New Participant Shoot Process and Evaluation

After evaluating my first shoot, I took forward what I learnt from that to my latter participants to improve my shooting style and ensure my end product is more professional and well organised. As I was shooting in a very similar circumstance as I was prior, I was able to apply these lessons directly to improve myself and my product.

After having previous issues with insufficient planning in terms of doing formal test shoots, I made this an absolute priority. As I was shooting stuff that could not be reshot, I had to ensure that all my equipment was set up to a standard which would be acceptable and that I could be happy with. I did a couple of quick test shoots with the new participant and found slight concerns with the audio being too loud. Having this found out early on was a massive help as trying to recover distorted audio would have been a painstaking, almost impossible task to make it sound professional.

As I foresaw in my location recce form, the room had quite an echo to it as well as being quite offset in a strange colour. So, I planned prior to ensure I would be able to deal with this. I made sure I had two microphone options to allow for mistakes. Due to the echos, I brought along a directional mic to not pick up the echos and a clip on mic as a backup. The backup wasn’t needed as the first option came out clearly. However, it was good to have a backup and I felt prepared incase. However, I should have perhaps done a more thorough location visit and tested this beforehand so I didn’t need to bring additional unneeded equipment. In terms of the colouring, I spent extra time white balancing and ensuring that the subject was well lit. The use of the location recce form was invaluable to be throughout this process.

Screen Shot 2016-04-07 at 15.43.52

As I have met with these participants and kept close contact with them as we approached the shooting, I am always comfortable with them which leads to a very friendly and open environment in which we can discuss topics freely and get the most out of the shooting situation. A documentary interview tip is to keep the interviewee comfortable. (, 2016) This is something which I never faltered with and went out of my way to achieve.

I am happy with the fact that I wrote up a production schedule with lengthy topics on it and gave it to the participants early on as they were always prepared to answer them when it came to shooting. It is said that two of the key elements to documentary interviews is to “prepare and avoid yes or no answers.” (, 2016) So, by preparing the subjects and myself prior to the interview and giving meaty topics that we can dig our teeth into I could create an environment for the interview to thrive in. However, it’s also said that you should “prepare but be spontaneous“. Whilst I feel I did this by going off topic and leading the conversation down new paths when the opportunity presented itself, the interview could have perhaps been more spontaneous and genuine if the interviewee didn’t know the topics beforehand.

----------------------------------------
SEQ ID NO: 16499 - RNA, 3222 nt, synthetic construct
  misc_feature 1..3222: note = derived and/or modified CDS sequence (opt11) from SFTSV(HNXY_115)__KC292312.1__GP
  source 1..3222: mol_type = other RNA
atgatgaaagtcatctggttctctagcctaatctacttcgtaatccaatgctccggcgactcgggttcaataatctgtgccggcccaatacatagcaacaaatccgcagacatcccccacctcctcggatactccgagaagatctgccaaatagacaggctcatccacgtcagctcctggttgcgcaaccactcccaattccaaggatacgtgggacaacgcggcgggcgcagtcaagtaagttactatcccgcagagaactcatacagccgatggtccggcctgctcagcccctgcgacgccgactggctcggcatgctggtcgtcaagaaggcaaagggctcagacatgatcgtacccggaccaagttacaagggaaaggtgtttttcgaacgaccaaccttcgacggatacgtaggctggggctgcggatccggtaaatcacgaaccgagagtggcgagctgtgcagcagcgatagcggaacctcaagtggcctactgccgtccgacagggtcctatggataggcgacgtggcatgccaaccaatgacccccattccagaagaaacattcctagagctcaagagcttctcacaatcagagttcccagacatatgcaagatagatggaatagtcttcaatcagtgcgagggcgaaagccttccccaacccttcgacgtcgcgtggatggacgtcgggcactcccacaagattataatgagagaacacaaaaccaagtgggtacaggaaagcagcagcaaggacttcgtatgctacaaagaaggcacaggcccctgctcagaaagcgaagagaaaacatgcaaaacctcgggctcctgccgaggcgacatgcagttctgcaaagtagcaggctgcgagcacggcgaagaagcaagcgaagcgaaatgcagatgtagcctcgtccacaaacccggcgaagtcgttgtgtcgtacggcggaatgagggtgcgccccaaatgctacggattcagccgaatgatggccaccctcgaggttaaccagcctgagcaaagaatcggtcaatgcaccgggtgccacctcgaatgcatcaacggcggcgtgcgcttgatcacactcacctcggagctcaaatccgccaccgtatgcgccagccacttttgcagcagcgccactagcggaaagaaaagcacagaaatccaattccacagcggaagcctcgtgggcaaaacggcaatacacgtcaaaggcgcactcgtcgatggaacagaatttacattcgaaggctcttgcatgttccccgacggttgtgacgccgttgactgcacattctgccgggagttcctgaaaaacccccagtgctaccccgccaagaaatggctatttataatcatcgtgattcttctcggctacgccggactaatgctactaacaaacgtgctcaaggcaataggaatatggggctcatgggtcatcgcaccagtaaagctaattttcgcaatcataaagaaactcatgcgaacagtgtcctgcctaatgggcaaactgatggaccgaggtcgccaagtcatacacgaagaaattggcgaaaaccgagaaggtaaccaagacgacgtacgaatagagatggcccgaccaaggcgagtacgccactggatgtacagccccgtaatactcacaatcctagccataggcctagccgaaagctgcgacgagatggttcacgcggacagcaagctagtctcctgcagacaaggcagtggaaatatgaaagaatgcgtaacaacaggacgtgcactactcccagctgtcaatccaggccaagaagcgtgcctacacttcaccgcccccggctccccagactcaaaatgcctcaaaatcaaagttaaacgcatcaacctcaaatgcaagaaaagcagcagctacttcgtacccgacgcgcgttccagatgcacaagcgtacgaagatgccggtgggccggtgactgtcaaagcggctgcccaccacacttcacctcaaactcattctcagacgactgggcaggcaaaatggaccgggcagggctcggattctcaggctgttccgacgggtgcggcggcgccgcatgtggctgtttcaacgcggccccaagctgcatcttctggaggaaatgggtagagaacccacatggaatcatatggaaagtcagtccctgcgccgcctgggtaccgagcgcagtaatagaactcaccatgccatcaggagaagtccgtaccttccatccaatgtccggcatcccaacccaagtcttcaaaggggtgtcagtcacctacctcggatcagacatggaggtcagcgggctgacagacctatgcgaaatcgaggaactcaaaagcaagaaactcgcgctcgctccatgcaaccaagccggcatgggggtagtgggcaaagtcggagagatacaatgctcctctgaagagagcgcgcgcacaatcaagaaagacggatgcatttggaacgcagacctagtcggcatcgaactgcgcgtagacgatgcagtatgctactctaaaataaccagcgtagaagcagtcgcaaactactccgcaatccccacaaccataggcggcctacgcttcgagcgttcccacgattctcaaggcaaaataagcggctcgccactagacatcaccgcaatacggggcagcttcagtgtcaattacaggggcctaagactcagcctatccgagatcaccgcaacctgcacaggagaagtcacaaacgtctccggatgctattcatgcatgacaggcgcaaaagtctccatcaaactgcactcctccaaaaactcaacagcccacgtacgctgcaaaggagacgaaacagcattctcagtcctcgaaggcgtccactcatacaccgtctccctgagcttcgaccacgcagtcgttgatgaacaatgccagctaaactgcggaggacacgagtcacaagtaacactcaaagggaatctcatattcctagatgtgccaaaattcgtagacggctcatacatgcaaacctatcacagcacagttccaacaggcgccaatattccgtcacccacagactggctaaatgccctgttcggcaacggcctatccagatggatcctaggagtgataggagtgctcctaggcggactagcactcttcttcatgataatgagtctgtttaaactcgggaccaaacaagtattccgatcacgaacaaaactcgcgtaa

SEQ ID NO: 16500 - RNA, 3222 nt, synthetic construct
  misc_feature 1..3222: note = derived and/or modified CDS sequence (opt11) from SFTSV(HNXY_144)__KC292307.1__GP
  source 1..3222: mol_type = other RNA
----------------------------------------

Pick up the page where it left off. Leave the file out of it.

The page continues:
In an effort to be even more prepared, I tended to brief my subject on what questions I was going to be asking. In theory I thought this would help the subject feel calm and confident in what they have to say, which it did. However, like Raindance suggests in their documentary interview tips, you should “never do pre-interviews… your interviewee might tell you an incredible story off camera and when asked to repeat it might be unnatural and forced.” (Raindance, 2015) This is something I had to deal with as often they would try and answer the questions off camera as they would say what they would respond to the question to check its alright and then when on camera it didn’t appear natural. This is something I will improve in the future by not giving them the questions beforehand and to always be rolling when I am speaking about the subject matter so I don’t lose the perfect response.

Overall, I feel I have developed as a director, producer and professional since my first shoot and learnt a lot more in what it means to create a successful environment to thrive in. These latter shoots have been far more successful and has inspired me to be even better in future shoots and take forward what I have learned in a constructive manner to improve myself and my production.

References (2016) Top 10 Video Interviewing Tips For Documentary Filmmaking [online] available from <; [15 Apr 2016]

Raindance. (2015) 10 Tips For Shooting A Documentary Interview – Raindance [online] available from <; [15 Apr 2016]


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